The Battalion. (College Station, Tex.) 1893-current, March 17, 1942, Image 1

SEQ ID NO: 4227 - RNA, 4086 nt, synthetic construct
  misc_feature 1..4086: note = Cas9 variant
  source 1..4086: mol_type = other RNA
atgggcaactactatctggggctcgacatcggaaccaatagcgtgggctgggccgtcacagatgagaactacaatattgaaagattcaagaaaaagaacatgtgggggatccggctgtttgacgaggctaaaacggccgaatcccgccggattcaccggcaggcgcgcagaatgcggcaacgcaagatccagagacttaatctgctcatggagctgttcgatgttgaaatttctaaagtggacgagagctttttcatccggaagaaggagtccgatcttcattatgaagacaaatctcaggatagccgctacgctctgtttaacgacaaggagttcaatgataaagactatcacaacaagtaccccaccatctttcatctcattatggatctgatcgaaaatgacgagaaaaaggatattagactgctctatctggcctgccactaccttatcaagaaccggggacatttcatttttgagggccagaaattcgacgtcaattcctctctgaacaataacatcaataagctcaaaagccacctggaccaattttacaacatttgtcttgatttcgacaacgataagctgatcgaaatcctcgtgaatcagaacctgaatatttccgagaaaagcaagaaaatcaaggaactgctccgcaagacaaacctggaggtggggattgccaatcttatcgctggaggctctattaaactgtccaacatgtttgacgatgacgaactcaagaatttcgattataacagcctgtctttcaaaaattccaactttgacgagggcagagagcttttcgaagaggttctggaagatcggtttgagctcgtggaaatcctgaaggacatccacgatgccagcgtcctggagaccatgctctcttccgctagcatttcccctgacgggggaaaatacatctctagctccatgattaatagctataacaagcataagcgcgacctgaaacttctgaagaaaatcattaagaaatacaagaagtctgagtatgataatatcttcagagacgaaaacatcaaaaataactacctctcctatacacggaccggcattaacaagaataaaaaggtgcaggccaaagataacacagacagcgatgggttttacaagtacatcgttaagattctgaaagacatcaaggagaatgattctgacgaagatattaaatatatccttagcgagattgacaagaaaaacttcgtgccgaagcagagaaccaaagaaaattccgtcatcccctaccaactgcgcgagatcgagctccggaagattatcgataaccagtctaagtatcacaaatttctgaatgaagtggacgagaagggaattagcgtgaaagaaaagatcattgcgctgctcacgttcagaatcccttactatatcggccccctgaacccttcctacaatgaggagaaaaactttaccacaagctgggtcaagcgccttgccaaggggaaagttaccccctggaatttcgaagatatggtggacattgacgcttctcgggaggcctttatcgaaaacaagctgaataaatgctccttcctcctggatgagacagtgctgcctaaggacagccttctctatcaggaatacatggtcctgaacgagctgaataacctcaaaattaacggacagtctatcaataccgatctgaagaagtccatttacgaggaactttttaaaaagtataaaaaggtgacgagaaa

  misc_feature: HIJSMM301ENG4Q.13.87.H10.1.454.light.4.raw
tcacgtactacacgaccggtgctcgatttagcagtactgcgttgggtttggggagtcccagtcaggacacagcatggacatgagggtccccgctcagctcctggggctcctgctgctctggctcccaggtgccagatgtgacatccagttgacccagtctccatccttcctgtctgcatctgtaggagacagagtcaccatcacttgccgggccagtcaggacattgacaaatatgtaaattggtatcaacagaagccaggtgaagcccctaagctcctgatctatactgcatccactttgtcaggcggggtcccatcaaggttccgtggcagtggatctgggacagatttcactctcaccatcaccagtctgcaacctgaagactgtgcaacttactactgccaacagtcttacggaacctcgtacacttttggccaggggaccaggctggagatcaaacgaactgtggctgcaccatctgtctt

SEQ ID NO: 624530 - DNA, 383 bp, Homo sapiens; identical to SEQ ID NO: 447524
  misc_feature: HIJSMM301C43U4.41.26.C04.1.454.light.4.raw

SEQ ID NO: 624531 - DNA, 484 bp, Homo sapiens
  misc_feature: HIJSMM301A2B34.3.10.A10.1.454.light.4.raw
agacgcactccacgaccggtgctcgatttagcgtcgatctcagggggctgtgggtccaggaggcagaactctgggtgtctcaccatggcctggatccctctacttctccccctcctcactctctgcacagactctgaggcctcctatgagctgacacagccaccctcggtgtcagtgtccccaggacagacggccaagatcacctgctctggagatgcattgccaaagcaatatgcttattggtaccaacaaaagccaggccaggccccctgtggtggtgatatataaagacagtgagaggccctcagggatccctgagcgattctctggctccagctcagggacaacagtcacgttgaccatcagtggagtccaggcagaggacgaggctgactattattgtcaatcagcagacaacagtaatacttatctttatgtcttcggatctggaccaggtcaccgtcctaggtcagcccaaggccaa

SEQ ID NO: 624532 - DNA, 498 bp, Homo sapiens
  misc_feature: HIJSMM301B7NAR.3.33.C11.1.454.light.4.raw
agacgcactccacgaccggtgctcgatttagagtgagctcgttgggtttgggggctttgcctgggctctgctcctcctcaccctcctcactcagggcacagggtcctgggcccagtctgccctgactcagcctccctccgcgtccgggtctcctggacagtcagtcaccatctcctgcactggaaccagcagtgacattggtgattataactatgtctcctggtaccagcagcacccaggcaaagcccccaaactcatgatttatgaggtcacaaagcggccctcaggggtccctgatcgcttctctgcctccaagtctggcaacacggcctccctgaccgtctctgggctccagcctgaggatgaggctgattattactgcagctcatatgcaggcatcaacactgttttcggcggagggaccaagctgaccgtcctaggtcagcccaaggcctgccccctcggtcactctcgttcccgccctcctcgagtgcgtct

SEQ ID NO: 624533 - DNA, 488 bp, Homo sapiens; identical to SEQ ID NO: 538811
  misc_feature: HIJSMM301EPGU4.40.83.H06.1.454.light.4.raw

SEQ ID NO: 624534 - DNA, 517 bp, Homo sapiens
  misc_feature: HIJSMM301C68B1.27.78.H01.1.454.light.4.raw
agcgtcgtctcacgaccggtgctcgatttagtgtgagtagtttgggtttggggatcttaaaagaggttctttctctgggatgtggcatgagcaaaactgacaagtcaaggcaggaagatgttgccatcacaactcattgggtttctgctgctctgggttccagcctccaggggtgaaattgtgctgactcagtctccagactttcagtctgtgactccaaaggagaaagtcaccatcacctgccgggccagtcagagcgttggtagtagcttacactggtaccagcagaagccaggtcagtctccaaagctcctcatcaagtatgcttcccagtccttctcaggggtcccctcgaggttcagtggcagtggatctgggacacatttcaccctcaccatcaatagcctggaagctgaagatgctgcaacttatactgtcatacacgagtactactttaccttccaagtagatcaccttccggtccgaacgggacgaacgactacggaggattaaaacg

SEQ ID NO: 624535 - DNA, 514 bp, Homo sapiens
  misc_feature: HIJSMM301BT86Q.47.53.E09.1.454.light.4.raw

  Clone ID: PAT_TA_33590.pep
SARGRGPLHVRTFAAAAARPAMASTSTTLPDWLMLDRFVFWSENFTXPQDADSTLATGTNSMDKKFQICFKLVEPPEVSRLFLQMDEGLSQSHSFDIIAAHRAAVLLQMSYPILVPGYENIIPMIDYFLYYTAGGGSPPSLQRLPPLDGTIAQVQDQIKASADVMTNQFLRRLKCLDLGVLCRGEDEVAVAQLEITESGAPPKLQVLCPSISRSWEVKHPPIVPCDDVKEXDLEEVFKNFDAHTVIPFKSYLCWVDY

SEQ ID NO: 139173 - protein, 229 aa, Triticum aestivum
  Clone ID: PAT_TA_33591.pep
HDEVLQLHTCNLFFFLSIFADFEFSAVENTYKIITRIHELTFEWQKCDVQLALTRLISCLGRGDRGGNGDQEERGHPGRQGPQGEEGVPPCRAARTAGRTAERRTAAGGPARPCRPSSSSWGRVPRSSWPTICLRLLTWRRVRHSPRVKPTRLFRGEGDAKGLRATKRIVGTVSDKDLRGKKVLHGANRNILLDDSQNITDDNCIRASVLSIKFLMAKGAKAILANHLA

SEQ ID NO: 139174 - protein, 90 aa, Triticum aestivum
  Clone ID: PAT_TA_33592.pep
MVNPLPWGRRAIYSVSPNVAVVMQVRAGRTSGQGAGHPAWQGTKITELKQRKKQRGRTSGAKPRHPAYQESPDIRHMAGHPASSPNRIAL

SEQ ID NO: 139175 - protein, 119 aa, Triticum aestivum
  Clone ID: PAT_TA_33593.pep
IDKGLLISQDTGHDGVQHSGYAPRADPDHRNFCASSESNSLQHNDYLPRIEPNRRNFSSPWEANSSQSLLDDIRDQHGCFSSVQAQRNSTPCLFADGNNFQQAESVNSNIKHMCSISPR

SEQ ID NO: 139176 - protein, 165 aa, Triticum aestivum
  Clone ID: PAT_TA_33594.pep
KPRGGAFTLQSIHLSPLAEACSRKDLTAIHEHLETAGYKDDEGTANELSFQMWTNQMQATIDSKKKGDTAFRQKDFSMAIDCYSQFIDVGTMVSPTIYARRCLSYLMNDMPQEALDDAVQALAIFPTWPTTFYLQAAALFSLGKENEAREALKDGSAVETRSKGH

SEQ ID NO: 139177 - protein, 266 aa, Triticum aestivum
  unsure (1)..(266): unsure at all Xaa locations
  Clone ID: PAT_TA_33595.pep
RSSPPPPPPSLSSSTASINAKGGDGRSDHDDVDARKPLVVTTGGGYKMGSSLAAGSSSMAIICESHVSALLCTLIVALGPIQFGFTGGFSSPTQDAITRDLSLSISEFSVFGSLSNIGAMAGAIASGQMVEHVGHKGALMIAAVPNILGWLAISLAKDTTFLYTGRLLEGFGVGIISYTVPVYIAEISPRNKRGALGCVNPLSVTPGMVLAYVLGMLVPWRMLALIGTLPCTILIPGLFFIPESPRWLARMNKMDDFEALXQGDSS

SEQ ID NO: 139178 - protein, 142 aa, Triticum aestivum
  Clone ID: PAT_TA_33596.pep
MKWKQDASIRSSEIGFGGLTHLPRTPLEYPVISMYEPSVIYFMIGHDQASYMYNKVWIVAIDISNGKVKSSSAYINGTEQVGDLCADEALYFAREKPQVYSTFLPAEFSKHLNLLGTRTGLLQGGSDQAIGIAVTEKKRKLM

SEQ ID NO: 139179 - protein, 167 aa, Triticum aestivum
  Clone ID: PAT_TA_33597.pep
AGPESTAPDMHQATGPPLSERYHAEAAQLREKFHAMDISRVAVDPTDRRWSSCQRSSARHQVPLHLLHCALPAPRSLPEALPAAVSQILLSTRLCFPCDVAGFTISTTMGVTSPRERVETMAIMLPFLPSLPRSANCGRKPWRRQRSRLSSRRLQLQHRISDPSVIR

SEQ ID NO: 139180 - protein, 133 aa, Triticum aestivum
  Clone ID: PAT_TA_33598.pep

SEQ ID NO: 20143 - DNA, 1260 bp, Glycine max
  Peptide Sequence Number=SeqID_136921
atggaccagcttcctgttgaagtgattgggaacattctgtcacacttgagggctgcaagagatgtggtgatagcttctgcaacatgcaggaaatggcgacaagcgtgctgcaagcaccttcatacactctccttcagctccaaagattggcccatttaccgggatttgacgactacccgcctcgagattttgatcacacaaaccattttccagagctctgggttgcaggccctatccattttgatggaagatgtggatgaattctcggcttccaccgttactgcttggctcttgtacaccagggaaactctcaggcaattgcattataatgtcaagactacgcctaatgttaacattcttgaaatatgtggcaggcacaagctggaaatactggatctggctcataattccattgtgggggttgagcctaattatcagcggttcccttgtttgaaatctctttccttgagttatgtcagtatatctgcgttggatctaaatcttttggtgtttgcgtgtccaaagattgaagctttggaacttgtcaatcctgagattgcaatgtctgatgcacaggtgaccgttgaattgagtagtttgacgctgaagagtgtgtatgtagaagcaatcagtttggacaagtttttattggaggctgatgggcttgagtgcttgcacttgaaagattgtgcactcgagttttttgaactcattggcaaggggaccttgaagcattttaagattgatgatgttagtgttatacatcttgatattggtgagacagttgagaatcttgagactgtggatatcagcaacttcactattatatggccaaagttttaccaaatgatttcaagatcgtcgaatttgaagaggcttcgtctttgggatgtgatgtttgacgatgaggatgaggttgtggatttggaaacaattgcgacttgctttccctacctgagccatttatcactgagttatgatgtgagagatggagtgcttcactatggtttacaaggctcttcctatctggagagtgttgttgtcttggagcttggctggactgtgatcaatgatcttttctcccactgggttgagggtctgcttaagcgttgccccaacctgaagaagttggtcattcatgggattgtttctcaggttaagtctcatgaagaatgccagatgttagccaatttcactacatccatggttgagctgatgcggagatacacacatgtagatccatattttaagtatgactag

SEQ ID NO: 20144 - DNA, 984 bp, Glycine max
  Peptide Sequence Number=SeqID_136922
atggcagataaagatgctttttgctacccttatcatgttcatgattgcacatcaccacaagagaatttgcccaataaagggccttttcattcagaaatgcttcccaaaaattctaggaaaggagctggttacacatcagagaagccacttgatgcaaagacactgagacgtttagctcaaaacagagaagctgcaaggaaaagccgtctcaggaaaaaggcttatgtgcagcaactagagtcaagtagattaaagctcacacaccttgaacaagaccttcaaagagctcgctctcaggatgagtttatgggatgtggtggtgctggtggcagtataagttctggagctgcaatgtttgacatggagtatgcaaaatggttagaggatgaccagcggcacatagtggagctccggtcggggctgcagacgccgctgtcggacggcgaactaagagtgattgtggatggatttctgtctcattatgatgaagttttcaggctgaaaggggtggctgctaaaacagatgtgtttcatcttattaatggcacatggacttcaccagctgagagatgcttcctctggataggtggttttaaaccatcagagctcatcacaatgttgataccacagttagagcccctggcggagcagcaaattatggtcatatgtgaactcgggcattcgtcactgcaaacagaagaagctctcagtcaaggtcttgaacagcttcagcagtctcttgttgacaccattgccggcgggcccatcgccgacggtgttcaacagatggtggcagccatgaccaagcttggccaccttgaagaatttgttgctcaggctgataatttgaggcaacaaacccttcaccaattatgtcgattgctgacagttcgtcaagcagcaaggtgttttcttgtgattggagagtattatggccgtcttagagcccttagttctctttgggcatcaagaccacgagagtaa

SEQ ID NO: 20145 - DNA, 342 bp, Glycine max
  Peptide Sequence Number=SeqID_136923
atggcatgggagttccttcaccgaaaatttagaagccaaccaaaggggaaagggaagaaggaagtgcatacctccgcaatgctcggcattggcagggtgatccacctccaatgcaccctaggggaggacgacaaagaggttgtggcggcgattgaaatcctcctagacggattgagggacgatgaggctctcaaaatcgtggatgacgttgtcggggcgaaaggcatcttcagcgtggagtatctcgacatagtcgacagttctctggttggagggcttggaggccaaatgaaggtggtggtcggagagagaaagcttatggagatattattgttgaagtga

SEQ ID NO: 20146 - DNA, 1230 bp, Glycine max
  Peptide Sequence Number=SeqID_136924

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« DIAL 4-5444 OFFICIAL NEWSPAPER OF THE CITY OF COLLEGE STATION The Battalion DIAL 4-5444 OFFICIAL NEWSPAPER OF THE CITY OF COLLEGE STATION 122 ADMINISTRATION BLDG. VOLUME 41 COLLEGE STATION, TEXAS, TUESDAY MORNING, MAR. 17, 1942 2275 NO. 71 Bluejackets Will Receive Training on A&M Campus 400 Navy Radio Trainees WiD Arrive Here April 1 Junior Yell Leader Office Still Open as Six Men File For Coming Elective Places We’ll have senior yell leaders, publications editors, student activ ities representatives and a town hall manager, but who’s going to be a junior yell leader? Twelve candidates for other offices had filed their names at the student activities office by yesterday aft ernoon—none had filed for the of fice of junior yell leader. In pre vious years there have always been an over-supply of sophomores applying for the position and the race has always been a feverish one. This year should be no ex ception—the junior yell leader for the coming two semesters will still be an important office, even though the football season doesn’t begin until the second half of the year. The deadline for filing for the yell leader election is noon tomor row, March 18. To file for the position a student must present a petition signed by 50 seniors, jun iors or sophomores and pay a 50 cent filing fee. A meeting of the sophomore class will be held Thursday night to pick the six candidates for election by the jun ior and sophomore classes, March 23. Six more students have filed for the other offices in the coming campus elections. Tommie Pierce, C Field Artillery, and H. R. “Bum” Bright, D Coast Artillery, filed in the race for the social secretary post. Bill Adkisson, B Signal Corps, announced for the Town Hall manager’s office. Ed A. Gordon, G Infantry, filed for the editor’s post of the Engineer magazine. Dave Pinson, C Cavalry, announced for Agriculturist edi tor. S. K. Kirk, D Infantry, filed for the vacated senior representa tive post on the student activities committee. Previously Bobby Stephens, In fantry Band, had filed for social secretary post. John Lawrence, First Headquarters Field Artil lery, announced his candidacy for the Town Hall manager’s race. Discussion Group Will Select Men To Go to District Meet The members of the local Inter- American Affairs Discussion Group will hold a round table dis- cussiom in room 316 of the Aca demic Building Wednesday night at 8 o’clock for the purpose of selecting members to go to the District Conference in Austin on March 26. The winners of the District Conference will go to the Divisional Conference, and the winners of that will go to Wash ington for the final round. The final winner selected in Washing ton will be given an all-expense trip to South America by the Rockefeller Institute. In the preliminary round, speak ers will be allowed to talk for seven minutes, and then will be questioned by other members of the round table for two minutes. The speakers at the table Wed nesday will be V. M. Schofield, on “Latin America Can Supply It,” Harry Cordus on “Rediscov ery of America by Americans,” H. Vasques on “From Aztec Canoe to Pan American Clipper,” and X. Fernandez on “More than an Emergency Undertaking.” Walter Goodman and Maurice Levy will also talk on topics to be assigned later. Barton Appointed Foulbrood Inspector J. C. Barton has been appoint ed Foulbrood Inspector in the place of C. J. Burgin, who is with the navy in San Diego. Barton, who received his B.S. degree in entomology here . in February, 1941, has been acting as graduate assistant in the Entomology de partment here. Walter Cardwell, D Cavalry, sign ed up for Agriculturist editor. Sid Smith and Lamar Haines, both from the Field Artillery Band, an nounced for junior representative on the student activities commit tee. Ken Bresnen, A Cavalry, filed for the post of editor of The Bat talion magazine and newspaper. The Longhorn editor, social sec retary and Town Hall manager will be elected by the members of the junior class on March 31 after a meeting of the class on March 30 when the candidates will be in troduced to the class. The head yell leader, Battalion editor, and student representatives on the activities committees will be elected at a general election by the corps on April 14. Dish-Water Hands Are Banished Among Mess Hall Employees Dishwashing jobs over at Sbisa hall will be more effi ciently and more easily done in the future than ever before. A new mechanical dish-washer for the mess-hall arrived Mojrijlay morning and will be installed in a short time. According to Paul Roderiquez, in charge of the dishwashing de partment at Sbisa, the new ma chine was ordered last summer. Delivery has been delayed be cause of defense priorities. Carl F. Faires Receives Navy Cross For Philippine Work V. M. Faires, professor of me chanical engineering, received word this week that his brother, Lieut. Carl F. Faires, U. S. N., had received, the Navy Cross. De tails of the award are still lack ing here Professor Faires stated. Lieut. Faires was one of eigth officers in Cavite in the Philip pines who received the awards. He was at Corregidor shortly aft er Manila was taken and word was received here from him by telegram recently from Tabo in the Philippines. Lieut. Faires was a graduate of the Naval academy in 1932. Ring Dance Committees Are Chosen by Hervey Committee Members Should Call by Corps Headquarters in Future Members of the various com mittees in charge of the senior ring dance and banquet to be held May 14, were appointed by Dick Hervey, president of the senior class, Monday. The general arrangements com mittee for the banquet and dance is made up of Ransom Kenny, chairman, J. O. Alexander, Luke Moore, G. W. Hal ton, Max Jor dan, and George Ogdee. Hervey asked that each individ ual member of the committees call at the corps headquarters office this afternoon at his own conveni ence to confer with Hervey. Bob Russell is chairman of the committee in charge of procuring an orchestra for the affair. Shib- ley Azar and C. B. Marsh are the other members of the committee. On the program and favors committee are Billy Davis, chair man, Robin Rominger, and Frank King. Joe Gibbs is chairman of the finance committee. Don Walton and Buddy Ramsel are the other members of the committee. Manfredini To Speak on Latin America and War Dr. James M. Manfredini, di rector of the Latin American In stitute and instructor in Latin American studies at the Univer sity of Houston will speak here tomorrow evening at 8 in the physics lecture room. The subject of his talk will be “Latin America and the Economic War.” Dr. Manfredini will be here un der the sponsorship of the Mar keting and Finance club and the Latin American seniors. The club is under the leadership of the De partment of Agricultural Econom ics. As instructor of Latin Amer ican stores at the University of Houston, Dr. Manfredini spends much of his time studying the economic problems and the needs of the Latin American people. He has written many articles relative to the subject. Dr. Manfredini is a noted au thority on Latin American affairs having studied Latin America ex tensively while acting as instruc tor at the University of Houston. Board Names Dorms After Army Chiefs Moore and Moses Will be Honored On Two New Halls Major Generals Andrew Moses, retired, and George F. Moore now in command of the coast. artillery defenses of Corregidor Fortress in the Philippine Islands have given their names to two of the four new dormitories un der construction on the cam pus. These two ex-Aggies have been so honored by the board of directors because of their outstandng achieve ments in military fields. Both are soldiers who have upheld the fighting tradition of the corps which is famous the world over for its spirit. When Moore graduated in 1908, Moses was commandant and professor of military science and tactics. Along with Moore were graduated two other future gen erals; John A. Warden and Doug- les B. Norwood. Howard C. Davidson was a fish in 1908 and later graduated from West Point and is now a brigadier general. Thus, “Andy” Moses has come to be known as the “bull who made generals.” In the class of 1908 also were A. B. Whittet, now a ranking civilian employee in the U. S. Ordnance department, and the late Jesse L. Easterwood, naval flying ace for whom A. & M.’s airport is named.. Two commandants, two famous generals, one a pupil of the other —a brief summary of the reasons behinds the naming of the new dormitories. Telegrams notifying them of the honor were sent to each of the two by Dr. T. O. Walton, presi dent of the college. Said Walton, “Because of your distinguished service to your country and your extensive contributions to Texas A. & M. college where you served your tour of duty as professor of military science and tactics and commandant, the board of direc tors, out of appreciation to you and in recognition of the value of this service to this institution and the nation, has named one of the new dormitories in your hon or. Engineers Jive as Kirk Plays Top left—Pianist of world fame Mary Lou Williams with Andy Kirk’s band. Top right—Kirk’s Clouds of Joy. Lower left—Alden Cathey, Frances Carlyle, Martha Mae Lawrence and Don Byron. —Photo by Phil Crown Honored Moses and Moore Gardeners Class Studies Seedlings Tuesday session of the National Defense Gardening and Nutrition class will be devoted to transplant ing seedlings to pots or other con tainers, F. R. Brison of Horticul ture department has announced. The meeting will be held in the basement of the Agriculture build ing, and will begin at 8 p.m. A few plants and soil will be pro vided by the horticulture depart ment. Those taking the course should bring clay pots pr used No. 2 tin cans. As much time as nec essary in actual practice of trans planting will be taken at Tues day’s session Brison declared. More than 45 Bryan and College Station people are taking the course. Dr. G. W. Adriance is chairman. Holmes Discusses Vitamins for Meet Of Chemical Society Dr. Harry N. Holmes, president of the American Chemical Society, will talk on the subject of Vita mins and Public Health at the meeting of the A. and M. Section on March 18. The meeting will be held at 9 p.m. in the Chemical lecture room. Dr. Holmes, who was the first to isolate crystalline vitamin A, will offer a survey of the more common vitamins, including dis covery, isolation, structure, and synthesis. Their relation to certain diseases and their importance to public health and national streng th will be stressed. Losses of certain vitamins in storage and in cooking as well as in over-milling the cereals sug gests that the natural vitamin content of bread and some other foods should be restored by direct addition of vitamin concentrates. For example, it is recognized that vitamin B1 (thiamin chloride) helps to maintain physical vigor and morale and it is being so utilized by warring nations. One of the effects of the present war will be to improve the public’s dietary knowledge. The special importance of vita mins to people on invalid diets, to the millions troubled by food al lergies, and to workers exposed to industrial poisons will be dis cussed. Additional Enlisted Men Will Bring Total Up to 600 Materiel Men and 800 Operators Making greater advances into the field of training personnel for the fighting forces of the nation, A. & M. has secured a new unit for instructing naval rado mater iel experts and radio operators for the duration of the war, President T. O. Walton announced yesterday, for the board of directors. On April 1 the first contingent of 400 bluejackets will arrive to begin an intensive training which will be conducted along the lines of regular college technical work. These trainees will be under the command of navy officers who will be detail ed here for tactical supervision of military instruction and for the maintenance of discipline in the naval unit. Each 30 days after the arrival of the first group, an additional number of enlisted men will be sent here until a total of 600 mat eriel men and 800 operators are in training. This number will be maintained by replacements as soon as gaps are left in the ranks by graduation. Radio operator courses will last four months; materiel experts will be fully trained in three months. The new unit will be quartered in the four new dormitories which are nearing completion in the old area. A special section will be designated in Sbisa hall where the navy men will mess. Blue uniforms will grace the campus for the first time in the 66 year history of the college. During World War I, a Naval S. A. T. C. unit was established at A. & M. to train men in the tech nical side of navy life. However, these men did not wear the navy uniform, nor did they ever see active service, because the war was over before any of the cadets had finished their training. The men who will be sent here this time will not be cadets, but en listed navy personnel who have been selected for special training because of proficiency and apti tude which they have displayed. ASME’s Plan For Houston Trip Next Monday, Tues Classes for all juniors will be suspended next Monday and Tues day, providing a sufficient num ber of the class signs up with the M. E. department to attend the convention of the American In stitute of Mechanical Engineers on those days. The convention is a meeting of student members of the ASME from all over the na tion, and will be held in Houston. Arrangements for the proposed suspension of classes for juniors are being made by the local chap ter of the ASME. As was announc ed yesterday, the action will be taken only if a large number of juniors signify their intention of going to Houston for the meetings of the convention. National Newspaper Runs Barger Article Advertising Age, a national newspaper of advertising, will run an article soon on the course in advertising taught in the Depart ment of Agricultural Economics, according to J. Wheeler Barger, head of the department. The article was submitted in re sponse to a request from S. R. Bernstein, the editor, who stated that reports had reached him that the content and procedure in the A. & M. course were unusual and interesting. “The course as taught by S. M. McKinnon last term was distinct ive in a number of respects,” ac cording to Professor Barger. “A considerable amount of outside practice work was afforded in which the students were en couraged to submit copy dealing with the fields of their respect ive professional interest. A reader- interest contest in writing adver tisements was conducted in coop eration with The Battalion. Lec tures by speakers engaged in vari ous phases of the advertising field were brought in to supplement the classroom instruction.” Another Chance Offered Seniors To Get Invitations Orders to Be Taken From 11 to 6 Today At Corps Headquarters Orders for senior commence ment invitations and calling cards will be taken in the corps head quarters office today for the last time. Dick Hervey, president of the senior class, stated yesterday. Orders will be taken from 11 o’clock this morning until 6 this afternoon. Hervey emphasized the fact that today is definitely the last day that the invitations can be ordered. The invitations come in three qualities. The best one is bound in maroon leather and contains the names of all the graduates and all the information concerning the commencement exercises. The price of this quality is 50 cents each. The second grade is a cardboard booklet with the same contents as the best grade and sells for 25 cents each. The third type is a French fold invitation with the an nouncement inside selling for 12 cents. These prices are the same as they were last year. The Southern Engraving Company, Houston, holds the contract for the invita tions and diplomas. A deposit of five cents each will be required to place an order for invitations. The deposit is the same for all three grades. Orders for calling cards may be made at the same time that the invitations are ordered. Hillel Club Chooses Panel Discussion Men Irvin Blum and E. M. Rosenthal were chosen by the Hillel Club to represent A. & M. in regional con test panel discussion Sunday,. March 22. Jack Blankfield was chosen as first alternate by the club, and Leon Weiner as second alternate. The discussion will be a compe tition with Hillel Club representa tives from Texas university. The winners will go to Chicago to par ticipate in the national panel dis cussion. The subject for the panel is “The Jew and the Post-War Peace Conference.” Sory to Speak For Spanish Club Students Capt. Gerlach Sony will deliver an address Wednesday at 8:00 o’clock to a meeting of the Span ish Club in Room 124 of the Acad emic Building. His subject will be “The Military and Economic Po sition of Latin America with Re spect to the United States.” His talk will be especially per tinent at a time like the present, when the defense of our neigh bors to the south is especially im portant to our own defense. He will review the military prepara tions of the countries of Latin America and the importance of their economic development to our own war effort. Should Herr Hitler or the Japs decide to try an invasion of the United States, an attack would probably be made first in South America to neutralize the Panama Cana] and establish airbases there. w